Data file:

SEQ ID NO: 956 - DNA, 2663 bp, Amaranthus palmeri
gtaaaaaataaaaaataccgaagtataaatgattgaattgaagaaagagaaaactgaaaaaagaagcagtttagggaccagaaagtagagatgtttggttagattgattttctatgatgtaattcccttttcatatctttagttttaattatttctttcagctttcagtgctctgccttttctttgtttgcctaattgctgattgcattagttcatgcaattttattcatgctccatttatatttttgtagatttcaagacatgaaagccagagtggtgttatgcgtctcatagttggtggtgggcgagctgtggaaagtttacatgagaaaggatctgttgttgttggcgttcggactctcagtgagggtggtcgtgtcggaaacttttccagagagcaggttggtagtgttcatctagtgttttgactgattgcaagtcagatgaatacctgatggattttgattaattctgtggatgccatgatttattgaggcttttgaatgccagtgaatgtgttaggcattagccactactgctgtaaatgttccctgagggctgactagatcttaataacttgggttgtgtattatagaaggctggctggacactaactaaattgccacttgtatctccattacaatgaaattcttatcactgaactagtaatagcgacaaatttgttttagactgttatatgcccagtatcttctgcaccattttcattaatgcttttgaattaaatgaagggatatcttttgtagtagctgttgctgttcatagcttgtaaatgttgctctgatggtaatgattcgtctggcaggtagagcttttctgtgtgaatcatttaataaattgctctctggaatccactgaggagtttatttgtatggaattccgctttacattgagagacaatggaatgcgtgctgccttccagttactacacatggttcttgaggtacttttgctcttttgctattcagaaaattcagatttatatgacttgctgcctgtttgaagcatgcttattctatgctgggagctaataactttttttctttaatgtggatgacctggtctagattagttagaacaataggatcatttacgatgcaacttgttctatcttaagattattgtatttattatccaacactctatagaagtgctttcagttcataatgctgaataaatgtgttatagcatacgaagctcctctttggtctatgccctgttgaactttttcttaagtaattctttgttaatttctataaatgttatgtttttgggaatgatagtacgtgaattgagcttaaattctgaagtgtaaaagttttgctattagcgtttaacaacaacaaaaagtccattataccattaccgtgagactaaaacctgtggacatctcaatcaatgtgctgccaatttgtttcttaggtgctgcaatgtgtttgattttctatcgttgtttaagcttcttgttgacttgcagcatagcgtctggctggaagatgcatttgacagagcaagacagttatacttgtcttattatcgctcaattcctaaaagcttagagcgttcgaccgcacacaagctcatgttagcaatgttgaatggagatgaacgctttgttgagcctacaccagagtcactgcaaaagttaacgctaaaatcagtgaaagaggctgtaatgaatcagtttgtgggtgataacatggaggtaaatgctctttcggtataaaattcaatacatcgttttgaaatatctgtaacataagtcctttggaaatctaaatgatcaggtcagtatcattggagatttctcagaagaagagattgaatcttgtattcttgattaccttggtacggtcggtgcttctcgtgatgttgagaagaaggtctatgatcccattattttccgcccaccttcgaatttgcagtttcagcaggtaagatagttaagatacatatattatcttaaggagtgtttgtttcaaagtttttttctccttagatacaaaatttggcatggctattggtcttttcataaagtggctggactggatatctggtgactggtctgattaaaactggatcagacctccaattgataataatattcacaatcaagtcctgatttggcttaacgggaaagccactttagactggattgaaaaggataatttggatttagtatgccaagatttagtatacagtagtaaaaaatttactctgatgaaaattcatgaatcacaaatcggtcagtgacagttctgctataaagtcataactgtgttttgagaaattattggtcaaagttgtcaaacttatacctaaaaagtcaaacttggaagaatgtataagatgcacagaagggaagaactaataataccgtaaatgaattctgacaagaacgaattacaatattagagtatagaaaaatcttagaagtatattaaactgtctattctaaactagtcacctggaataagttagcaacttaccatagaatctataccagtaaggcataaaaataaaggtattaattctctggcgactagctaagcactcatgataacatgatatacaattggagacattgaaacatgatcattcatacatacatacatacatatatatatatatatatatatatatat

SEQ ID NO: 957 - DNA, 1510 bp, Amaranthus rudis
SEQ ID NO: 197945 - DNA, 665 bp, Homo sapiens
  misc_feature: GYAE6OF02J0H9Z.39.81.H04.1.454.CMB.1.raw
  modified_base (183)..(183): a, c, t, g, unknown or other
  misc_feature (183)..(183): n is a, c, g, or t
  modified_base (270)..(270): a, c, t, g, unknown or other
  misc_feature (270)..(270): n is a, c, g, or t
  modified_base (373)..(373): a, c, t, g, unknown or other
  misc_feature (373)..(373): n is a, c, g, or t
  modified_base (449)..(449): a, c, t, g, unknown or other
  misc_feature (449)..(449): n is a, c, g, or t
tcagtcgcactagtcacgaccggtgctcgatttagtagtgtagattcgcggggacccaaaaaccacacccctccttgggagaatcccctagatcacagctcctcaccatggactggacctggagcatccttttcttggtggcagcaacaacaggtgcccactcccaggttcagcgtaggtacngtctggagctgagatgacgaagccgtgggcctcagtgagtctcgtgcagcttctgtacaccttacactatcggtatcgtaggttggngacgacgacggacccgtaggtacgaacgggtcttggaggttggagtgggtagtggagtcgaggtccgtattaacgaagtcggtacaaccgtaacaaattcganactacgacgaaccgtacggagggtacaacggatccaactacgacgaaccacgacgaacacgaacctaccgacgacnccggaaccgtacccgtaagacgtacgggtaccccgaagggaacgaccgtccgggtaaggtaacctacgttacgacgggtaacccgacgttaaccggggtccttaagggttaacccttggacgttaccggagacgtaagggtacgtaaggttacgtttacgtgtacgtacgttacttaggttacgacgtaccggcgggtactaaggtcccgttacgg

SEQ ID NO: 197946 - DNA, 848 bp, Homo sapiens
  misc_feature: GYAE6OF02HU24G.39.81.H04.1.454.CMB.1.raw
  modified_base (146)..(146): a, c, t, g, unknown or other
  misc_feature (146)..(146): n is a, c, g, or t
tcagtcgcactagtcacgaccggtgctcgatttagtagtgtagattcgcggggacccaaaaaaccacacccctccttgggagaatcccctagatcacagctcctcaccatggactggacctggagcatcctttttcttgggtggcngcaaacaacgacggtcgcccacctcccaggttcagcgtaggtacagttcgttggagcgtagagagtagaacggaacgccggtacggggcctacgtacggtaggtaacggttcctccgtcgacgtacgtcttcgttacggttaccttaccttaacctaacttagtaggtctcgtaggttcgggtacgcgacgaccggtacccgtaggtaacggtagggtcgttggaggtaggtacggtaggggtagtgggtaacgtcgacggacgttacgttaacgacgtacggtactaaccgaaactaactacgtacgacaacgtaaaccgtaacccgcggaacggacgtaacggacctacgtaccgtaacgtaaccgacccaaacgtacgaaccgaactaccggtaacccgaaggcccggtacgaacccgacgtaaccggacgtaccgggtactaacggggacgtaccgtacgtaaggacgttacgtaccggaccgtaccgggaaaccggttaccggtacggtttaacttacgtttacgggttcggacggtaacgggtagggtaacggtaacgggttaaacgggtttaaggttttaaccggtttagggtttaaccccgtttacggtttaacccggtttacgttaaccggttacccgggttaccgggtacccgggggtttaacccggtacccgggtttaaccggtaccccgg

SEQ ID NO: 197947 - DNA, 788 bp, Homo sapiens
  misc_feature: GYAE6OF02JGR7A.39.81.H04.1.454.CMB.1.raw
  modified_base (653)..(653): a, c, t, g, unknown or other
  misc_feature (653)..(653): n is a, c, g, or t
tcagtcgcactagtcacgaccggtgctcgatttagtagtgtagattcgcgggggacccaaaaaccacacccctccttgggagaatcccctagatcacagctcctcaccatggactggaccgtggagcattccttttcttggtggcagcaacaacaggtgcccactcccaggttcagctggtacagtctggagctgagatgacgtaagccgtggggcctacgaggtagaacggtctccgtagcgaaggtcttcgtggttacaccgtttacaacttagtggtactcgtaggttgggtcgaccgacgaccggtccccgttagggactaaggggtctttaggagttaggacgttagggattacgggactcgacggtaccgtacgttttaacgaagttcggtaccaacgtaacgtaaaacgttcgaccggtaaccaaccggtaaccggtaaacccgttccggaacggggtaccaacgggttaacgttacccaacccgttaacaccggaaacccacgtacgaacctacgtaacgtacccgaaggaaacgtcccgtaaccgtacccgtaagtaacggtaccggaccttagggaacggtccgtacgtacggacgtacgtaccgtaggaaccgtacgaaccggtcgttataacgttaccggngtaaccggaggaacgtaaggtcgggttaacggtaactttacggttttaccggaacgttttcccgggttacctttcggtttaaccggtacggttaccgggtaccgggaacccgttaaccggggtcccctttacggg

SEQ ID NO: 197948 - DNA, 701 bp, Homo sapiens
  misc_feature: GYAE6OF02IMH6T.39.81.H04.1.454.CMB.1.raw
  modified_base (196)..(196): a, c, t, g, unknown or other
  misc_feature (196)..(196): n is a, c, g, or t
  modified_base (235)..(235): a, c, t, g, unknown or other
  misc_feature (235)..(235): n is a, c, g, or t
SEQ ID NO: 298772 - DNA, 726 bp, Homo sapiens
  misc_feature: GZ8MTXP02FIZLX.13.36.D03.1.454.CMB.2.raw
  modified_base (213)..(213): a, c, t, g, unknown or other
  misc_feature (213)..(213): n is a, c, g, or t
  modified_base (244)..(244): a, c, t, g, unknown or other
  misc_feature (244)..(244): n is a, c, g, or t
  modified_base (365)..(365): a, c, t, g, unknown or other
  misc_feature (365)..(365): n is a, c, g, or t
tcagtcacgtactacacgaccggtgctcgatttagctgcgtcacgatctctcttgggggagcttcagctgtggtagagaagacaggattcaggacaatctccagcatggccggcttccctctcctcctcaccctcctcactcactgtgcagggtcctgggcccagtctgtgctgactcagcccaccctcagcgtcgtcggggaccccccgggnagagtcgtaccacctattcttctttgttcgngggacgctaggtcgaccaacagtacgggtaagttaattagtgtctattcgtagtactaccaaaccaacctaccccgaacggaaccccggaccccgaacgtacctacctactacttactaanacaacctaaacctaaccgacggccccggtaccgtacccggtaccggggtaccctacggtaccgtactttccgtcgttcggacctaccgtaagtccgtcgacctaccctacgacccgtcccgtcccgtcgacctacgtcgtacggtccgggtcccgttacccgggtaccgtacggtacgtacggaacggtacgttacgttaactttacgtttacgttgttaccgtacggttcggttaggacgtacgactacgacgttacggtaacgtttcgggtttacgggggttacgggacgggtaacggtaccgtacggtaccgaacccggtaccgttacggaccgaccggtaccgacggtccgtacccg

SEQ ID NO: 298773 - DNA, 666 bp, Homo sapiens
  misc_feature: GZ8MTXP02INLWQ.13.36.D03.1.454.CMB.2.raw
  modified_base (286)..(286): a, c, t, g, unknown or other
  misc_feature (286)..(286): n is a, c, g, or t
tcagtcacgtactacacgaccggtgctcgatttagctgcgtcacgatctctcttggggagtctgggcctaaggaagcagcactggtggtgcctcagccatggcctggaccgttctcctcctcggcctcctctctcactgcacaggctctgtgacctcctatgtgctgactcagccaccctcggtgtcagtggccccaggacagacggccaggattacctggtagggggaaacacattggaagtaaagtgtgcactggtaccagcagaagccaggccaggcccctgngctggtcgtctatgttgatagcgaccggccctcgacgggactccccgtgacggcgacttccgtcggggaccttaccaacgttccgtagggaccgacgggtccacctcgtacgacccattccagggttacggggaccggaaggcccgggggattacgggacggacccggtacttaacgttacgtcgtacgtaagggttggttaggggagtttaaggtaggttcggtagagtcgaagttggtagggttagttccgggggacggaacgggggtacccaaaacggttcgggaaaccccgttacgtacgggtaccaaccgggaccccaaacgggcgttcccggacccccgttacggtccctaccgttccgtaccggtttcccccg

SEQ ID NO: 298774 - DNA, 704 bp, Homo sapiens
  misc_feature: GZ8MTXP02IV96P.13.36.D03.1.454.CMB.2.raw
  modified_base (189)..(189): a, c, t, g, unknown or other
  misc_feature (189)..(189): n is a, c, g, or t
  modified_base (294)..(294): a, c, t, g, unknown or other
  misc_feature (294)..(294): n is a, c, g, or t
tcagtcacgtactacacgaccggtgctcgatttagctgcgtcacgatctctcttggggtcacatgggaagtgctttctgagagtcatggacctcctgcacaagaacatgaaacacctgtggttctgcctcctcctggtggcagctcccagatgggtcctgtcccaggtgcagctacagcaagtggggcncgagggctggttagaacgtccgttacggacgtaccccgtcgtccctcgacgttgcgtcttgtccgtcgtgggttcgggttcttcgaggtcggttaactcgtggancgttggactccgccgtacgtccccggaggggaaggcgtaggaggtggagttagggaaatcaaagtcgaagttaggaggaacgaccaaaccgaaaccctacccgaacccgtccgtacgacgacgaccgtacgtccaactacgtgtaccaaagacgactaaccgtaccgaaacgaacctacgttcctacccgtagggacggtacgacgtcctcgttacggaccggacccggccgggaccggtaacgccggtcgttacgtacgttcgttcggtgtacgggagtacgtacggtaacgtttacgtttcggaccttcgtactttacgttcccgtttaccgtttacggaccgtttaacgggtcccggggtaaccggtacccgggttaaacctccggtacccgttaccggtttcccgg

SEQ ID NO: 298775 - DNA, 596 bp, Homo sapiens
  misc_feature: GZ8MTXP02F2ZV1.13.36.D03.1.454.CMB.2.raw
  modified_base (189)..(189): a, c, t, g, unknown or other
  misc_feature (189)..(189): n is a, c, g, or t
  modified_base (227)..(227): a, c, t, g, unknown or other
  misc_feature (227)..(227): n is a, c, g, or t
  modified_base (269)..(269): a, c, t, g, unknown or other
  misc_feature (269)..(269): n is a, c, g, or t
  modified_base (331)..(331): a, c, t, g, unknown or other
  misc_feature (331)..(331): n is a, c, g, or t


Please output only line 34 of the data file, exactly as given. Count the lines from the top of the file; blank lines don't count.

  misc_feature (213)..(213): n is a, c, g, or t